I reply: Based on that logic you have a non-historical Nero & a non-historical persecution of the first Century Church in the Book of Revelation, because it too is a stylized narrative, which is absurd.  Logically I can see no reason to believe biological polygenesis precludes the existence of an early hominid whom God ensouled who rebelled against him & from whom we all inherit original sin.
http://www.catholic.com/library/Adam_Eve_and_Evolution.asp

To quote the above tract “The argument is that all of this is real history, it is simply ordered topically rather than chronologically, and the ancient audience of Genesis, it is argued, would have understood it as such…..it is equally impermissible to dismiss the story of Adam and Eve and the fall (Gen. 2–3) as a fiction. “


Andrew - #9932

April 15th 2010

I know I’m a bit late on this, but I’ve been sitting down reading Romans 5:12-21, trying to fit “human” or “mankind” where “Adam” is written.  JRDK, I did find your post interesting, but I cannot see right now how the following are compatible with any sort of allegorical or polygenesis reading:

“. . . sin came into the world through one man . . .” (v. 12)—Here a singular person is mentioned, not a plurality of any kind.

“Death reigned . . . even over those whose sinning was not like the transgression of Adam, who was a type of the one who was to come” (v. 14).  Here the sin of “Adam” is contrasted with that of other humans, that is, they didn’t break league with an explicit stipulation given by God (Gen. 2:17).  I also don’t see how “humanity” Adam was a pattern or type of Jesus Christ (assuming Adam/Christ as covenant heads of humanity.)

“. . . one man’s trespass . . . that one man Jesus . . . one man’s sin . . . one man’s trespass . . . the one man Jesus Christ ” (vv. 15-18).  Same as above.


Mark chambers - #9958

April 16th 2010

I am new to all of this and my question is not meant to be any sort of “troll” or attempt get things riled up.

I am sure that I am missing something completely elementary but, if Adam is not “literal” what then do we do with Noah, Abraham, etc.? Are we to take them as allegorical figures as well?


Roger D. McKinney - #9972

April 16th 2010

Mark Edward - #9884: “The main thing that has kept me from fully accepting a non-literal Adam, is the existence of the genealogies in Scripture.”
Excellent point! It’s clear from applying the principles of hermeneutics that the author of Genesis intended Adam to be an historical figure. To try to make Adam something else violates the intent of the author. You can argue that the author of Genesis is wrong, but you honestly can’t argue that he intended anything other than an historical Adam.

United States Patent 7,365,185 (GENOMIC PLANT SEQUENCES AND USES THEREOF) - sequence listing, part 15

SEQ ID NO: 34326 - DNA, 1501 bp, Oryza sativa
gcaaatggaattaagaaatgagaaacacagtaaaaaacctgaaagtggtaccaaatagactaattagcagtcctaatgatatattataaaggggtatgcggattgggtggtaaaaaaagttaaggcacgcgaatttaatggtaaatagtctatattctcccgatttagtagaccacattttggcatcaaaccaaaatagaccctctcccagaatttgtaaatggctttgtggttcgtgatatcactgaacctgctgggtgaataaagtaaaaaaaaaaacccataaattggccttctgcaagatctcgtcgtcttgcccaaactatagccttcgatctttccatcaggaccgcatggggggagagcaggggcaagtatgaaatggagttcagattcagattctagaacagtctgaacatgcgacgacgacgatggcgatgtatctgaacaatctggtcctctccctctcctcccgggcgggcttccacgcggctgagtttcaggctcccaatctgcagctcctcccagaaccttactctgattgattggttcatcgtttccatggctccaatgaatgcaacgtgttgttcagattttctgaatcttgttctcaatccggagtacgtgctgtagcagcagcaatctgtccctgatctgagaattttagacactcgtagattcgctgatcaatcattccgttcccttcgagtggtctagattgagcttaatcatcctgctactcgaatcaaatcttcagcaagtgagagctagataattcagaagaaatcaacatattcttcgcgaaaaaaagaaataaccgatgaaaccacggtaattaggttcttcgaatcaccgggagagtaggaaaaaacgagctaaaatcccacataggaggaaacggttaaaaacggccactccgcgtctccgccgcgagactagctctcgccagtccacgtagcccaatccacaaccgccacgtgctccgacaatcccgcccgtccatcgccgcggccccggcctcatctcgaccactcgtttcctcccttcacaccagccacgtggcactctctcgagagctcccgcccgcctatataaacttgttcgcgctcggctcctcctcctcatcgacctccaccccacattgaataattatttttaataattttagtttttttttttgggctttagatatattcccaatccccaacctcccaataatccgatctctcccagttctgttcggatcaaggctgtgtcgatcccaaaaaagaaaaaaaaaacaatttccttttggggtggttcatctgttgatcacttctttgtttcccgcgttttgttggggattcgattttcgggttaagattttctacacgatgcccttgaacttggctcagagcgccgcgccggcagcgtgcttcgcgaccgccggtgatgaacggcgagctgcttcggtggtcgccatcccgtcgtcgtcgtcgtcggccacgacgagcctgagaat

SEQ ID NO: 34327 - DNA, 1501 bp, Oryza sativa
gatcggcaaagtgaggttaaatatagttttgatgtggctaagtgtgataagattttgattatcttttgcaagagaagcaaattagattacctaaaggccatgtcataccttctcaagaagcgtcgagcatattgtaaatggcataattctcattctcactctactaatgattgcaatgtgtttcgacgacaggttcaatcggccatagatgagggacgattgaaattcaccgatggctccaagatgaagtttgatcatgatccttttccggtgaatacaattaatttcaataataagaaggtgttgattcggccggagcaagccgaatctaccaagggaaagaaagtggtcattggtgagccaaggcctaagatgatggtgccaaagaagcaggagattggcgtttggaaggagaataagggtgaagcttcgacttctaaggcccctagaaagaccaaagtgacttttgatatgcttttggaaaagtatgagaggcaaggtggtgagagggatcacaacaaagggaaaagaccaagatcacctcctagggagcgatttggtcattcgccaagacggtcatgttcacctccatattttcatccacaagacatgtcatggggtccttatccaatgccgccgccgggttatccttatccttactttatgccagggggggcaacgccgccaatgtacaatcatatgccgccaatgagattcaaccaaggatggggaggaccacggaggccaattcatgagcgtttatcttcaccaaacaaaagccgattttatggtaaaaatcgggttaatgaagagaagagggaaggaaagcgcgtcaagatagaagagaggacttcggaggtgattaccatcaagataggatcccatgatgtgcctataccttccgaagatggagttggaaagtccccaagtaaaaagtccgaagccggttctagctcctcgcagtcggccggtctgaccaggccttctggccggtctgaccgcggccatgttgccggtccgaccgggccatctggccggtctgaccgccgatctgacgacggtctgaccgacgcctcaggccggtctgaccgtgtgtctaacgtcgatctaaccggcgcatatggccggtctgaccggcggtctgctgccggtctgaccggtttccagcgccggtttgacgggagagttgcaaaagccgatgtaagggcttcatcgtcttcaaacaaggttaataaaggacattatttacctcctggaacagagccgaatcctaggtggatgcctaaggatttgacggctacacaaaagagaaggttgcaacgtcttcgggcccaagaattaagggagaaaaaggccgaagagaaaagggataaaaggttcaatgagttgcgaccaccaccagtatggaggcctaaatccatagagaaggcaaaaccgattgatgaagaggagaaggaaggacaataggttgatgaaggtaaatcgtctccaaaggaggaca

Roger D. McKinney - #9973

April 16th 2010

“ancient stories of beginnings are never simply written to tell their readers what happened. They are written to tell readers how their own story is connected to the purposes God (or the gods) had in making the world and people upon it.”

While true, it also doesn’t exclude those stories from being historical. A natural reading of them proves that the authors intended the “stories” to be taken as history. And that is a very important point because throughout the Bible God used history as proof of his existence, his nature, and his intentions. The whole point of the Bible is to record God’s interventions in history. Those interventions tell us about the character of God. In the prophetic books, God used prophecy to proof to Israel that he is the one true God. He asked the Israeli people to look at their own history and see that everything he had prophesied beforehand had actually, historically happened. And he told them to pay attention to his prophecies to see if the came true historically and that would be proof that he is the one true God. I wouldn’t take the historical accuracy of the OT lightly. The whole meaning of Christ depends upon it.


J. R. Daniel Kirk - #9989

April 16th 2010

I want to address the question of genealogies briefly, since this has come up in a number of contexts (here, my blog, my Facebook page). A friend made this helpful comment: “genealogies do not necessarily imply historicity in the ANE.  The Sumerian king list begins with clearly mythological/legendary figures and ends with historical ones.  Genealogies including Adam, Seth, Noah, etc. could be analogous.”

Genealogies are never simple historical recollections or ties. They carry with them implicit arguments about the people on the other end. For example, look at the genealogies of Jesus. One has Jesus descended through the Judean kings, the other isn’t so concerned with that but instead wants to say that Jesus fulfills Adam’s calling to be son of God. (continued in next comment)


J. R. Daniel Kirk - #9990

April 16th 2010

(cont’d)

The issues I raised in my initial post are related to the specific question of the genealogies. The story of Adam is written as a “universal” introduction to the specific story of Israel. For the same reason that Adam is an appropriate introduction to Israel’s story (Israel has assigned to it and plays the part originally assigned to Adam), later Israelites continue to tie their story into the primeval narrative of Gen 1-3.

In other words, the genealogies trace themselves back to Adam, often, to make the same point as the literary echoes between Gen 1-3 and the patriarchal and later Israelite narratives, and are thus not necessarily a greater assertion of “historicity”.


J. R. Daniel Kirk - #9991

April 16th 2010

Roger,